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Immersive Technologies Helping Children and Older Patients

 

Learning Science shows that there are added benefits to using Virtual and Augmented Reality with young and elderly people.

It is well established that high-quality VR and AR technologies can be used for healthcare – in the treatment of phobias for example – and are superior tools in training adults in disciplines such as surgery. VR and AR training tools lead to better initial learning of medical procedures for adult patients and medical personnel, and greater reductions in stress and anxiety in adult patients, thus increasing patient satisfaction.

VR and AR can be used as healthcare tools Click To Tweet

Immersive technologies can also significantly increase retention by slowing the brain’s natural tendency to forget – something I recently wrote about here on Tech Trends. So in this article I will now move on to explain how these technologies are even more effective with children and older adults.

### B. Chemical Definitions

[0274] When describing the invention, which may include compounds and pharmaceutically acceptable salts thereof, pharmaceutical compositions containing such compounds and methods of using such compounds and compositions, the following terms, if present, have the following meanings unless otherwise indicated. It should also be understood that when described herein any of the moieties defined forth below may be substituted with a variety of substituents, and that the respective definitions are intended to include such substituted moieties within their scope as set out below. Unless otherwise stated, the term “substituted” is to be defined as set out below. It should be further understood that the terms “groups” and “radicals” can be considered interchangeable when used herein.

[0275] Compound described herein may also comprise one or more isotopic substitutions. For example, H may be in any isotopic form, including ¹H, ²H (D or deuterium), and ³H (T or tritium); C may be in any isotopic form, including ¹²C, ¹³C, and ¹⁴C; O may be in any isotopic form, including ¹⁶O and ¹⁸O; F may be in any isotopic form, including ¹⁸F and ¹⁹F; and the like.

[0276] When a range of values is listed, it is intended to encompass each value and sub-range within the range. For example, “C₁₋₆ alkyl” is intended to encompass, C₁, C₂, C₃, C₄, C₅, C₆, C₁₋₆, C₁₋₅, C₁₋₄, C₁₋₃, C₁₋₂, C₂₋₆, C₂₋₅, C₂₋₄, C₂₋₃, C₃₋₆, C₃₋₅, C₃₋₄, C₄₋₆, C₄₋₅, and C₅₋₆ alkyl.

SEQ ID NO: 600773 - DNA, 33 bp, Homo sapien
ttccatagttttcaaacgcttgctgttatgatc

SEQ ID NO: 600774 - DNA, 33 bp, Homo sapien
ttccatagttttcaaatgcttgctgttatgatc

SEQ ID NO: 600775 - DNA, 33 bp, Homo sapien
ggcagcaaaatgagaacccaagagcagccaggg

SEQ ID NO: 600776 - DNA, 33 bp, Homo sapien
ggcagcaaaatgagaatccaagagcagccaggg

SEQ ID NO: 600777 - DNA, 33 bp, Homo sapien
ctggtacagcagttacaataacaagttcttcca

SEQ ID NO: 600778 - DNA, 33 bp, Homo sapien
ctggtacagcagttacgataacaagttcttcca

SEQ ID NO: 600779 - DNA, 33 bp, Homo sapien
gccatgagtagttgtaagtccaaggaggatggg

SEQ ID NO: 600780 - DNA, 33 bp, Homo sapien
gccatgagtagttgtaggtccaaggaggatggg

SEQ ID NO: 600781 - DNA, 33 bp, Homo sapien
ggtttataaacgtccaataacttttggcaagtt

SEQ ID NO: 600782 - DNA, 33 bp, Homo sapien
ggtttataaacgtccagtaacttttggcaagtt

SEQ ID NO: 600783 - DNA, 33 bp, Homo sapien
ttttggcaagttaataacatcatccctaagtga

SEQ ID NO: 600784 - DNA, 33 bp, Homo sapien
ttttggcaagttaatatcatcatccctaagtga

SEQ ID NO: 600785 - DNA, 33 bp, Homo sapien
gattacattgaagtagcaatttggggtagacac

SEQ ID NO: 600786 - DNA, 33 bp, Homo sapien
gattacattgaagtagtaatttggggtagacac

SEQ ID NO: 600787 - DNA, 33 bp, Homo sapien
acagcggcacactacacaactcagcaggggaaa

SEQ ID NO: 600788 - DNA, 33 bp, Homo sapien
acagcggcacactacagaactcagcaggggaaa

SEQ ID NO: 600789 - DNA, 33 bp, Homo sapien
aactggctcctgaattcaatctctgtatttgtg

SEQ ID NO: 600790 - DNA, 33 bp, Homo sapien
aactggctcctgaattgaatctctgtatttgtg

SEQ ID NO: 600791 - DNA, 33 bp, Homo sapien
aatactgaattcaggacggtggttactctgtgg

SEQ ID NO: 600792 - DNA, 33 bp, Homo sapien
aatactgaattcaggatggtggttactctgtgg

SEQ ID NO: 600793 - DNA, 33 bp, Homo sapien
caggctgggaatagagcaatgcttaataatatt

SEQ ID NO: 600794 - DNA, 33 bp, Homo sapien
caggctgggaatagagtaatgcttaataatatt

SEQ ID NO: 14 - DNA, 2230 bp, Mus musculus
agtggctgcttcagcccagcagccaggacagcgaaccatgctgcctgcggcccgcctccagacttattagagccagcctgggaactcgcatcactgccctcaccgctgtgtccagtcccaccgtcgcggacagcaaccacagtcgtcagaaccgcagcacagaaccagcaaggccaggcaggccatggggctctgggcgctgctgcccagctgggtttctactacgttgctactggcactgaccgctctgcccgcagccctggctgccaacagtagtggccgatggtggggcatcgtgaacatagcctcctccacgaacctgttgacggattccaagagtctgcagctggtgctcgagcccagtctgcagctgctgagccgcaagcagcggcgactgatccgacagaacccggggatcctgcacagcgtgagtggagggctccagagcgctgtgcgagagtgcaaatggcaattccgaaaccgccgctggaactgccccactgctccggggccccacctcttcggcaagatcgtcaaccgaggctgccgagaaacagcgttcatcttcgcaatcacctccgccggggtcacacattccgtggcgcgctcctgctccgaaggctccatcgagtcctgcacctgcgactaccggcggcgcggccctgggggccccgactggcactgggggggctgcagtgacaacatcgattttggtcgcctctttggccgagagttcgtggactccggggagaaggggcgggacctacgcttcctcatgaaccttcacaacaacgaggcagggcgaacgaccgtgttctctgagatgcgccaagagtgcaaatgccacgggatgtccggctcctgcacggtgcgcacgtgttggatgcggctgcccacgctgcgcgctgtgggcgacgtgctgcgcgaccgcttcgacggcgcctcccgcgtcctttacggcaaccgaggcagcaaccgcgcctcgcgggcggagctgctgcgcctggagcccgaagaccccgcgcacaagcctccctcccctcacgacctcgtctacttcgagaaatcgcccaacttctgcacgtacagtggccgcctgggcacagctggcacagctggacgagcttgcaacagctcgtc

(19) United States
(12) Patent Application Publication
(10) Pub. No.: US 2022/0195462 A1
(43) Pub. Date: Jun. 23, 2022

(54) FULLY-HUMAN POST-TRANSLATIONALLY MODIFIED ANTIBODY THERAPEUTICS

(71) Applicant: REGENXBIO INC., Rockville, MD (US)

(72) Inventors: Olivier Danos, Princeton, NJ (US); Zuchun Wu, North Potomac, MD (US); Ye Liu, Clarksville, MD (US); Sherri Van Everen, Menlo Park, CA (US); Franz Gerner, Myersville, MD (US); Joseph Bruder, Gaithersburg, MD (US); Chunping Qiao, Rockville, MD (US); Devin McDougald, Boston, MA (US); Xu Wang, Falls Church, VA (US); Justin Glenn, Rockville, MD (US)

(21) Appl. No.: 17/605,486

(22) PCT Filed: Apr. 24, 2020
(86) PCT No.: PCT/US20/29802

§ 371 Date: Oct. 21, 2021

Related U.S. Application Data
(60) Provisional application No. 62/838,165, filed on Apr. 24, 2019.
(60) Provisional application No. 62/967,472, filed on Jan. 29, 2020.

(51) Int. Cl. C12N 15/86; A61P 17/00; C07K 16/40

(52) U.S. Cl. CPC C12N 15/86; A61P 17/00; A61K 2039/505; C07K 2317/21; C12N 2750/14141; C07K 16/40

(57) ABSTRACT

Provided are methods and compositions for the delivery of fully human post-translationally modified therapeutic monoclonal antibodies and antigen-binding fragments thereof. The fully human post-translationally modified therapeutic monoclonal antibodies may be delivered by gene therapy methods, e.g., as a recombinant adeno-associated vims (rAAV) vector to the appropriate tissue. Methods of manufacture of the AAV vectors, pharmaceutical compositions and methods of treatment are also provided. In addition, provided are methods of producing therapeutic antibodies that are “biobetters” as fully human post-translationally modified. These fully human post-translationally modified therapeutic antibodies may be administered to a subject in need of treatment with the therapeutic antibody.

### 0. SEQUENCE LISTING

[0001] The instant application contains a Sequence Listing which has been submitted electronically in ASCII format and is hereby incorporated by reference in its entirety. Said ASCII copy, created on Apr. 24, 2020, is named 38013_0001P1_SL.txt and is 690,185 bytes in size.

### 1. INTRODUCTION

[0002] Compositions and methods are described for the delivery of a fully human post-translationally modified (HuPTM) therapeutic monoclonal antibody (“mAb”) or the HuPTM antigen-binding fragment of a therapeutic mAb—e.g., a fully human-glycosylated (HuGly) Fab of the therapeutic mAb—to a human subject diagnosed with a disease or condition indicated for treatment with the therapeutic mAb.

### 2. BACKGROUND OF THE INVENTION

Immersive technologies can significantly increase retention by slowing the brain’s natural tendency to forget Click To Tweet

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Limitations of Traditional Tools

When presenting patients with information, the most common scenario is to give them a page or two of text or printed slides from a Powerpoint deck which describe a certain medication regimen or medical procedure. The patient’s brain is then charged to convert these 2D static materials into a 3D visual representation of the actions required on their part – a mental simulation if you will.

Learning Science – the marriage of psychology and brain science – refers to this as Cognitive Processing, which requires a number of steps: First, the patient has to generate and hold in short-term memory a mental representation of each step derived from this series of 2D static mental images. Second, the patient must combine these 2D static mental representations (on the fly) to construct an accurate 3D static mental representation. Finally, the patient has to infer and impart the dynamic nature of the procedure onto this 3D static mental representation.

If a 3D dynamic representation is the ultimate goal it makes sense to utilize a 3D dynamic representation as the training tool Click To Tweet